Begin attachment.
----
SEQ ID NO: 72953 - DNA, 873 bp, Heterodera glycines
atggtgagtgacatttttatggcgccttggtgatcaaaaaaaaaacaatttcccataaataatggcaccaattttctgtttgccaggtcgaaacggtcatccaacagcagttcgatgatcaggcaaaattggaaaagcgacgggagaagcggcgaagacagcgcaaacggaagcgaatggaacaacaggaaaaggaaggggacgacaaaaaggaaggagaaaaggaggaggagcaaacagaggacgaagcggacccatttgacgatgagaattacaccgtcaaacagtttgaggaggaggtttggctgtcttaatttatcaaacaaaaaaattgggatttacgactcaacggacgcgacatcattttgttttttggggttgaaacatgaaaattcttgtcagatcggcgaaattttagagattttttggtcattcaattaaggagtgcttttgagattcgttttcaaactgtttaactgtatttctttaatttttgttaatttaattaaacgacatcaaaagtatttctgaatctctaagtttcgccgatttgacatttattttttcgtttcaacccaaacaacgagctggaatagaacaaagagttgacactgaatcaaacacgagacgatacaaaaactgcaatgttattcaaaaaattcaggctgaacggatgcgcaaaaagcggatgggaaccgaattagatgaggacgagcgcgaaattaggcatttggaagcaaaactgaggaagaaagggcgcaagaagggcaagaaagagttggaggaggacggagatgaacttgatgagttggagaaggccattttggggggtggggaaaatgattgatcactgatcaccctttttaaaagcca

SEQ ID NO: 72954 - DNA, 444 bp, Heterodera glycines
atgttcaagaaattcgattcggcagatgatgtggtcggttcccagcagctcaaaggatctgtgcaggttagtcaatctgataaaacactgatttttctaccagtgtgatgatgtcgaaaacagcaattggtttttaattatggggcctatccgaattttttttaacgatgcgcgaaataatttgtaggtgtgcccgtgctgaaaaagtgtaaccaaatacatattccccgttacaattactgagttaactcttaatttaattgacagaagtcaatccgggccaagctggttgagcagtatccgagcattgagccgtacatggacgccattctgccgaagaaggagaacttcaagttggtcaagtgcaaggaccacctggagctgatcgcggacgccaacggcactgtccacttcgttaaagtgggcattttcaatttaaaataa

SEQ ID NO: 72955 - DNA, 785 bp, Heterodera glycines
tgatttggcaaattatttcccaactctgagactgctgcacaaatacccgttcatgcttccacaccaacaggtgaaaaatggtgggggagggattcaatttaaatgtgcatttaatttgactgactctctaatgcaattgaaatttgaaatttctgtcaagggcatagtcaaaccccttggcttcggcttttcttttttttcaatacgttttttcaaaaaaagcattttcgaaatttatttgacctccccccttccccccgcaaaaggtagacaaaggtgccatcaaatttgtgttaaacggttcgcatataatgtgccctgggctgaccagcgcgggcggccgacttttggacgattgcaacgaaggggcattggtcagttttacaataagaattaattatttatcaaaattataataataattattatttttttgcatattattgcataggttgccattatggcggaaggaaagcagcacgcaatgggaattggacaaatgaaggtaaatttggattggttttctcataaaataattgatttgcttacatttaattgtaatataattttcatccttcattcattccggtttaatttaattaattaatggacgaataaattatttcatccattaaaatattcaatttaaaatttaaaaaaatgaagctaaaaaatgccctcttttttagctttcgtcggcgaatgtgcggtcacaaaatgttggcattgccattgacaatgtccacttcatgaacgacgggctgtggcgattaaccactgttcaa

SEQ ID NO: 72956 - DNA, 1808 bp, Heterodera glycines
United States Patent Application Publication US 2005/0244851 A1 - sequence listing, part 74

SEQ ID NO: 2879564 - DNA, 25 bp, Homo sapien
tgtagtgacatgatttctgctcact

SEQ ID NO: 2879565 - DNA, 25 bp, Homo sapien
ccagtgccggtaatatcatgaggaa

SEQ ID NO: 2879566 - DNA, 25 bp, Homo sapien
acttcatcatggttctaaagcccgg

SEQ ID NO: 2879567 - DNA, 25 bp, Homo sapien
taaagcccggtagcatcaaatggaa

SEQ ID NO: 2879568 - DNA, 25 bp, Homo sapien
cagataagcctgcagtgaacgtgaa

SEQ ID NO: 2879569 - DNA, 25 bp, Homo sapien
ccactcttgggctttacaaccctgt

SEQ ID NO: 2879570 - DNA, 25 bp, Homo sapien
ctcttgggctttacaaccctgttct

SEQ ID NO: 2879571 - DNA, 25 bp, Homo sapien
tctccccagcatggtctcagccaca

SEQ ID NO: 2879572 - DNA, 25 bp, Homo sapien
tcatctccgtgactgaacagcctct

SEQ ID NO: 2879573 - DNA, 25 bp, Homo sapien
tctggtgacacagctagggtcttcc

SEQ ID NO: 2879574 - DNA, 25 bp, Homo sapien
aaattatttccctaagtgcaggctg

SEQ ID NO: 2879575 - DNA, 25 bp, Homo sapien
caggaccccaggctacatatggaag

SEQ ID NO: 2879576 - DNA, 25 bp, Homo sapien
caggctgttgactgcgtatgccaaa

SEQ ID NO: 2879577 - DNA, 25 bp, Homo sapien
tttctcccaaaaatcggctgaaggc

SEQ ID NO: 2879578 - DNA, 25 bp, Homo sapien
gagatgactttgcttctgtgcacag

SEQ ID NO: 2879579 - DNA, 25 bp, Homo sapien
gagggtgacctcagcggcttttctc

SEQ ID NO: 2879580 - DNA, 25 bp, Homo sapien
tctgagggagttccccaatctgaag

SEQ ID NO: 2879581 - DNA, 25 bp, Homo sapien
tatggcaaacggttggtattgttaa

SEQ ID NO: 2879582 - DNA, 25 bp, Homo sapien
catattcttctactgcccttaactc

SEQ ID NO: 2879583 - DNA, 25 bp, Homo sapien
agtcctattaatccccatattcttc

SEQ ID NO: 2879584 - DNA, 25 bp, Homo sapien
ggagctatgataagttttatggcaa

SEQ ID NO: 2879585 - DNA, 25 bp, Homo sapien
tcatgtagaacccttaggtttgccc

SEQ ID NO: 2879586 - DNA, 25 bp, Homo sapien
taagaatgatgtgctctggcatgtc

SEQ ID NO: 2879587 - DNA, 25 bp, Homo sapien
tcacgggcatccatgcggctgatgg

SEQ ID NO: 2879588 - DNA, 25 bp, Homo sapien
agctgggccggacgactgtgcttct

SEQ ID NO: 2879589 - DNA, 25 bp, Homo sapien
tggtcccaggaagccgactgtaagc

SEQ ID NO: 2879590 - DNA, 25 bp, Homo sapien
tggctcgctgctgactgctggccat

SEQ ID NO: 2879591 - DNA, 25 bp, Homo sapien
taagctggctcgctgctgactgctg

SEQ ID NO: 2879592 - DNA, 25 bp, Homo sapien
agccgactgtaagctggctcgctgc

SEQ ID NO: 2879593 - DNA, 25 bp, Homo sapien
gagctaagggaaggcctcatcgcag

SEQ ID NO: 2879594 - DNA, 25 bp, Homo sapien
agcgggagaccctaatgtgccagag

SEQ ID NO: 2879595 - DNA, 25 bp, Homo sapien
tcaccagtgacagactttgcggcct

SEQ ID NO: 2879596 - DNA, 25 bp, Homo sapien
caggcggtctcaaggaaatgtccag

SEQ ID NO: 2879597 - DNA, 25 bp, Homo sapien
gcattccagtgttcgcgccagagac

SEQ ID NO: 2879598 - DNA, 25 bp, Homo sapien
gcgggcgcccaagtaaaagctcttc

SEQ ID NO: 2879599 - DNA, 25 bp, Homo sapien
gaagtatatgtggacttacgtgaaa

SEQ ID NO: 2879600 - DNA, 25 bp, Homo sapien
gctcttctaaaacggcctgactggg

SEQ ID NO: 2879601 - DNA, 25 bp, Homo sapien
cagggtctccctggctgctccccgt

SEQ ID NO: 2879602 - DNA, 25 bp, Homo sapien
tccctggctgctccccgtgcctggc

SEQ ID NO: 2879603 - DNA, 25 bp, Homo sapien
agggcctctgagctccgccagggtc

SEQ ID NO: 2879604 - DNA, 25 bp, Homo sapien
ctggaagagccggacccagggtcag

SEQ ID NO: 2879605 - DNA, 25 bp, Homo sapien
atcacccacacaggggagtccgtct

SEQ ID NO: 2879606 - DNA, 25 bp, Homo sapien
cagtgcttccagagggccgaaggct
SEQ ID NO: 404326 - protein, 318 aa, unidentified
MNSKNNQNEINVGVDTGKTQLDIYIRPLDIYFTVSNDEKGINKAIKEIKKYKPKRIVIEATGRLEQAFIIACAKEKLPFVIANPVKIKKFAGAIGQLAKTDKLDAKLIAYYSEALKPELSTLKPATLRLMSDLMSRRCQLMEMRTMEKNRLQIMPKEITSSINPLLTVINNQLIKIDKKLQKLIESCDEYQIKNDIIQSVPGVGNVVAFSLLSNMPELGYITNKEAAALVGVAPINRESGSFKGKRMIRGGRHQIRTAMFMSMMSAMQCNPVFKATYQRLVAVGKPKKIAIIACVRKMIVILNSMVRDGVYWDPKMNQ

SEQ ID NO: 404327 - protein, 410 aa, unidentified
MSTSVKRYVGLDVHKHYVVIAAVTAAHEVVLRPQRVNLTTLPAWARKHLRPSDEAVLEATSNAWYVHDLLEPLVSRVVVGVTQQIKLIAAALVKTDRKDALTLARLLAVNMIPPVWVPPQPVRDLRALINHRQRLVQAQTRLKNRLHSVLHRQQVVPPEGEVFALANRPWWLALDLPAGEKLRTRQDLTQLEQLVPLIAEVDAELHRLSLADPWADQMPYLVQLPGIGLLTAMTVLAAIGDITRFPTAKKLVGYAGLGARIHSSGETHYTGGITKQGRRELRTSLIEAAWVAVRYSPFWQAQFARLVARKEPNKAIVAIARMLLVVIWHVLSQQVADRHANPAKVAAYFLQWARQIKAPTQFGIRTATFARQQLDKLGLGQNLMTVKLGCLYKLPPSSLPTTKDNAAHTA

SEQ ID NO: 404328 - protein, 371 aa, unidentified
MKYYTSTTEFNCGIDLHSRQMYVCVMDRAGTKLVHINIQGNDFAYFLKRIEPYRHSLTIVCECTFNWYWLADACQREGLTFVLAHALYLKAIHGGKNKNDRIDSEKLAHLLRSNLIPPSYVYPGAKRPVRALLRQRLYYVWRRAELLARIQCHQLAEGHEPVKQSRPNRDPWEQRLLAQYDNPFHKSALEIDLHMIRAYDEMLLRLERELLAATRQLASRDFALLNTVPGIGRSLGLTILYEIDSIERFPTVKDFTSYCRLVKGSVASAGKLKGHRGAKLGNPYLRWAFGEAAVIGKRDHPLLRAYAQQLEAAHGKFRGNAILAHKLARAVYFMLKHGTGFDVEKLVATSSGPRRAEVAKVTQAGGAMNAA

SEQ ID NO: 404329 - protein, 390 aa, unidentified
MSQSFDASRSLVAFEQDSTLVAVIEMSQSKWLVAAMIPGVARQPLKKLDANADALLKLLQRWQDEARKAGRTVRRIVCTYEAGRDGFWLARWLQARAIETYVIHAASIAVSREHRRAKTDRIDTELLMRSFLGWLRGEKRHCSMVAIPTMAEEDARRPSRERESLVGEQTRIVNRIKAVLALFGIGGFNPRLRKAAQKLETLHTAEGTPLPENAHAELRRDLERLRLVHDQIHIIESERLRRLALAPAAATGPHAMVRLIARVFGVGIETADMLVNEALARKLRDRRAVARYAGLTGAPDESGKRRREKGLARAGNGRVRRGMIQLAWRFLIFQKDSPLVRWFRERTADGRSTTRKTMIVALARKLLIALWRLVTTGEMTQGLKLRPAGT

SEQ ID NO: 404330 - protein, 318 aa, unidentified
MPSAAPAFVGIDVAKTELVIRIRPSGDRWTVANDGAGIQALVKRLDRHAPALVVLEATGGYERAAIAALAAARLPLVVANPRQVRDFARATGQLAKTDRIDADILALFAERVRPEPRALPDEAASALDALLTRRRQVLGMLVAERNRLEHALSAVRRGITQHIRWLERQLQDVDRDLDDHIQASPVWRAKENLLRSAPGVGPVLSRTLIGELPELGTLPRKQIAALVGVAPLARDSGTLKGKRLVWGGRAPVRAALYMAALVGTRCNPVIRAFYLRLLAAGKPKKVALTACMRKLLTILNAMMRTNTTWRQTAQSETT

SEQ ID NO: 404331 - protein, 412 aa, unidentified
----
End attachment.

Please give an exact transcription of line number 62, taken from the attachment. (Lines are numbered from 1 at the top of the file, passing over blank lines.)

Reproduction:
tggctcgctgctgactgctggccat